d1cb198dadb5: Pull complete
6cf27201f998: Pull complete
b0bd767f38d8: Pull complete
b4c0e95c83e7: Pull complete
Digest: sha256:c325405ea2cd9f3910f3fb77b20793b30904a2ab1f4eed309911f908c64c0f30
Status: Downloaded newer image for bitwardenrs/server:latest
Creating vaultwarden_bitwarden_1 ... done
# Verifying the Docker instance is running
sudo docker ps

Step 5.3: Configure Nginx as a Reverse Proxy

Nginx is a reverse proxy that allows you to point incoming web traffic to our new Bitwarden server.

1. Installing Nginx:

sudo apt install nginx

2. Configuring UFW:

If you have UFW installed, you will have to Allow Nginx through your local firewall.

# Listing application profiles
sudo ufw app list
# Output
Available applications:
  Nginx Full
  Nginx HTTP
  Nginx HTTPS

Here, there are 3 application profiles available for Nginx:

  • Nginx Full: Opens both port 80 (normal, unencrypted web traffic) and port 443 (TLS/SSL, encrypted traffic)
  • Nginx HTTP: Opens only port 80 (normal, unencrypted web traffic)
  • Nginx HTTPS: Opens only port 443 (TLS/SSL, encrypted traffic)
# Enabling Nginx Full
sudo ufw allow 'Nginx Full'
# Output
Rules updated
Rules updated (v6)

Next up, we need to double-check that the Nginx server is up and running:

sudo systemctl status nginx
# Output
● nginx.service - A high performance web server and a reverse proxy server
     Loaded: loaded (/lib/systemd/system/nginx.service; enabled; vendor preset:>
     Active: active (running) since Sun 2021-10-24 15:00:28 UTC; 10min ago
       Docs: man:nginx(8)
   Main PID: 4239 (nginx)
      Tasks: 2 (limit: 1090)
     Memory: 5.3M
     CGroup: /system.slice/nginx.service
             ├─4239 nginx: master process /usr/sbin/nginx -g daemon on; master_>
             └─4240 nginx: worker process

Oct 24 15:00:28 warden systemd[1]: Starting A high performance web server and a>
Oct 24 15:00:28 warden systemd[1]: Started A high performance web server and a >
lines 1-13/13 (END)

3. Configuring Nginx:

Now, we’ll need to make sure that all the incoming traffic reaches our container instance:

# Navigating to the Nginx directory
cd /etc/nginx/sites-enabled

# Editing the "default" file
sudo nano default

Copy-paste the following code into the default file:

server {
    listen 80;

    location / {
        proxy_pass; # bitwarden server address

Replace with the domain name you chose during the DNS setup process.

Step 5.4: Setting up Certbot

Certbot is a simple tool by the Electronic Frontier Foundation allows us to generate SSL certificates for free with Let’s Encrypt.

# Installing Certbot
sudo snap install --classic certbot

# Preparing the Certbot command
sudo ln -s /snap/bin/certbot /usr/bin/certbot

Run the following command to set up the SSL Certificate:

sudo certbot --nginx

You’ll need to configure a few things like putting in an email to get the SSL certicate ready.

# Output
Saving debug log to /var/log/letsencrypt/letsencrypt.log
Enter email address (used for urgent renewal and security notices)
 (Enter 'c' to cancel):      

- - - - - - - - - - - - - - - - - - - - - - - - - - - - - - - - - - - - - - - -
Please read the Terms of Service at You must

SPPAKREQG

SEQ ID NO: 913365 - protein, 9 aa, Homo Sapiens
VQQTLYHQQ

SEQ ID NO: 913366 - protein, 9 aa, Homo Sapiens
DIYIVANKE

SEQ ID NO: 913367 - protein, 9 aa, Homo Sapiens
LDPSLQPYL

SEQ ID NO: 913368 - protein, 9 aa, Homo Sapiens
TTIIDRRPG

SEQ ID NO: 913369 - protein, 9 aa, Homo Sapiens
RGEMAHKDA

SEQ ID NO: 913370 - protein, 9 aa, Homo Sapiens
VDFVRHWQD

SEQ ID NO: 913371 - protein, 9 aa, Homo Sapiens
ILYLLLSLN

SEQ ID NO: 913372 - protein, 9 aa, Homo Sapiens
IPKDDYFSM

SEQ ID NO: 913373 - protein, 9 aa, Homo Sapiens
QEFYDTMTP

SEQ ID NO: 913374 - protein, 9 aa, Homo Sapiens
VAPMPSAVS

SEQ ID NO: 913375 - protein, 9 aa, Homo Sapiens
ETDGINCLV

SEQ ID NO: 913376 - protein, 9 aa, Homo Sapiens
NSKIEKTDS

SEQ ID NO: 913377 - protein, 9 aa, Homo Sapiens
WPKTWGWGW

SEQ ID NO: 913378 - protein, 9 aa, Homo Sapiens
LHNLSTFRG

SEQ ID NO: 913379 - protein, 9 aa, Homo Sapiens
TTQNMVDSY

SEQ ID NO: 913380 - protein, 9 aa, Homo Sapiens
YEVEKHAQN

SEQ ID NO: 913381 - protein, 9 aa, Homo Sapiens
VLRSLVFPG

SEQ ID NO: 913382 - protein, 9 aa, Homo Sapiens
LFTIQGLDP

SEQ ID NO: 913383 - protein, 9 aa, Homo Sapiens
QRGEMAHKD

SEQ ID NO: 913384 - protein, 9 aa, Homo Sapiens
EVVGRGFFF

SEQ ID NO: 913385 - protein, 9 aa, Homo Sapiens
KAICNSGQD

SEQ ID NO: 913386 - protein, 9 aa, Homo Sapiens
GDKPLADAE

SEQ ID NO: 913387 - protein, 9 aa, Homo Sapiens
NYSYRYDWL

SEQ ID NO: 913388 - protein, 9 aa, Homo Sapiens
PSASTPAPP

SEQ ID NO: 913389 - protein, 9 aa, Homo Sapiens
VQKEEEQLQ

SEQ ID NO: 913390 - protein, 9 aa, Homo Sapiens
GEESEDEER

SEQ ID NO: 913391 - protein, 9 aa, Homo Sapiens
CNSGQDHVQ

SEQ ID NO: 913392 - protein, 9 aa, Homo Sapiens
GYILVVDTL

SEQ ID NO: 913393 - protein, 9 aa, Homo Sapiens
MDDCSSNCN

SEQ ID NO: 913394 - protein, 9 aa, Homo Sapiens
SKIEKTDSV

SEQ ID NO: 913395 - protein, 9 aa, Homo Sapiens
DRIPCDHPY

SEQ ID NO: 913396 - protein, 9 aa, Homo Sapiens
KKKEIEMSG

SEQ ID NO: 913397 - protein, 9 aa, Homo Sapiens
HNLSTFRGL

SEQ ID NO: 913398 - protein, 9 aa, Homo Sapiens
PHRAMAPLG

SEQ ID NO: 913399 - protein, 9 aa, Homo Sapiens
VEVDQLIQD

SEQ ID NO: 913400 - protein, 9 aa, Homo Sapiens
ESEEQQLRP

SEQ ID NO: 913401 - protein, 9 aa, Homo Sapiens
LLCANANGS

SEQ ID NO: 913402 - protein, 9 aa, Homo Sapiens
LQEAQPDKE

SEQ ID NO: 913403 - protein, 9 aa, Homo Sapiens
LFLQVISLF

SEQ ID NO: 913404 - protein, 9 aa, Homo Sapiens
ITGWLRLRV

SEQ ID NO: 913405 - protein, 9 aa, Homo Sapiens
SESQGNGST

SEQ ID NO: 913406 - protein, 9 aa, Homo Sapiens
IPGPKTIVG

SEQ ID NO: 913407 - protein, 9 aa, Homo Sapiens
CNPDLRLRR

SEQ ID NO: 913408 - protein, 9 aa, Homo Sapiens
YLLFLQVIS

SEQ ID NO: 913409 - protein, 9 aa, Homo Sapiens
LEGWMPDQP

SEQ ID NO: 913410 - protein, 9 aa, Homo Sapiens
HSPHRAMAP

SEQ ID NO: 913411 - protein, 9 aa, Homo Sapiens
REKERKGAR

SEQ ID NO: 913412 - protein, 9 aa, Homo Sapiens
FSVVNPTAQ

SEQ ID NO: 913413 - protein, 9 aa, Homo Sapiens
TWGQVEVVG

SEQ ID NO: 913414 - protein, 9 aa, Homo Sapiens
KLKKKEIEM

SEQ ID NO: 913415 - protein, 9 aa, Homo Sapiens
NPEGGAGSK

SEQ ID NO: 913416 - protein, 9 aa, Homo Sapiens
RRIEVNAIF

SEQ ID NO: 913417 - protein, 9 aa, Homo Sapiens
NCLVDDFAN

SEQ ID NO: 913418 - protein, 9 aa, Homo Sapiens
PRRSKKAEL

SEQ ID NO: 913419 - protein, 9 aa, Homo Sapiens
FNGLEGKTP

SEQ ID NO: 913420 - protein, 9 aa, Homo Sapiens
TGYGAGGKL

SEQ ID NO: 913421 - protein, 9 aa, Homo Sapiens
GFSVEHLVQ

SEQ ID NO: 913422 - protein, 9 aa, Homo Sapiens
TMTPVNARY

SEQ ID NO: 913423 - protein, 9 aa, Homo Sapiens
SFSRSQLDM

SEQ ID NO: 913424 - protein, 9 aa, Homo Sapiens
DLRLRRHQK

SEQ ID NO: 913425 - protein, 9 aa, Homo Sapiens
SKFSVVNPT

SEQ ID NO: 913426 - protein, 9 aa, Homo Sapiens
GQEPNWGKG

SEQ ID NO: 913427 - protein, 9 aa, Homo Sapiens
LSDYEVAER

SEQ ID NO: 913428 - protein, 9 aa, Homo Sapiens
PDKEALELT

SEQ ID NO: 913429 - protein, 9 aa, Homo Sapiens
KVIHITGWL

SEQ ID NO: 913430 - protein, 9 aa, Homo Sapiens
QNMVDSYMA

agree in order to register with the ACME server. Do you agree?
- - - - - - - - - - - - - - - - - - - - - - - - - - - - - - - - - - - - - - - -
(Y)es/(N)o: Y

- - - - - - - - - - - - - - - - - - - - - - - - - - - - - - - - - - - - - - - -
Would you be willing, once your first certificate is successfully issued, to
share your email address with the Electronic Frontier Foundation, a founding
partner of the Let's Encrypt project and the non-profit organization that
develops Certbot? We'd like to send you email about our work encrypting the web,
EFF news, campaigns, and ways to support digital freedom.
- - - - - - - - - - - - - - - - - - - - - - - - - - - - - - - - - - - - - - - -
(Y)es/(N)o: Y
Account registered.

Which names would you like to activate HTTPS for?
- - - - - - - - - - - - - - - - - - - - - - - - - - - - - - - - - - - - - - - -
- - - - - - - - - - - - - - - - - - - - - - - - - - - - - - - - - - - - - - - -
Select the appropriate numbers separated by commas and/or spaces, or leave input
blank to select all options shown (Enter 'c' to cancel): 1
Requesting a certificate for

Successfully received certificate.
Certificate is saved at: /etc/letsencrypt/live/
Key is saved at:         /etc/letsencrypt/live/
This certificate expires on 2022-01-22.
These files will be updated when the certificate renews.
Certbot has set up a scheduled task to automatically renew this certificate in the background.

Deploying certificate
Successfully deployed certificate for to /etc/nginx/sites-enabled/deafault
Congratulations! You have successfully enabled HTTPS on

- - - - - - - - - - - - - - - - - - - - - - - - - - - - - - - - - - - - - - - -
If you like Certbot, please consider supporting our work by:
 * Donating to ISRG / Let's Encrypt:
 * Donating to EFF:          
- - - - - - - - - - - - - - - - - - - - - - - - - - - - - - - - - - - - - - - -

And, that is it. Now, our Bitwarden instance is up and running and is accessible from the domain name.

You can now go ahead and create a new account for your Bitwarden server.

Creating a new Bitwarden Account

You can also use your self-hosted Bitwarden on the native apps, just put in the URL of your Vaultwarden instance in the server URL section, that can be found by clicking on the gear icon on the left-hand corner.

Configuring Bitwarden clients for Self-hosted Vaultwarden Instance

Vaultwarden Conclusion

With Vaultwarden running securely over TLS, check out the additional documentation provided by the Vaultwarden project, which can help add more functionality to your installation. Some of these features include:

All in all, running a self-hosted Bitwarden instance using Vaultwarden, is an amazing way to have all the best features of a secure password manager, running on your own infrastructure.

I’ll update this tutorial soon with guides on backing up the database, SMTP configuration and more.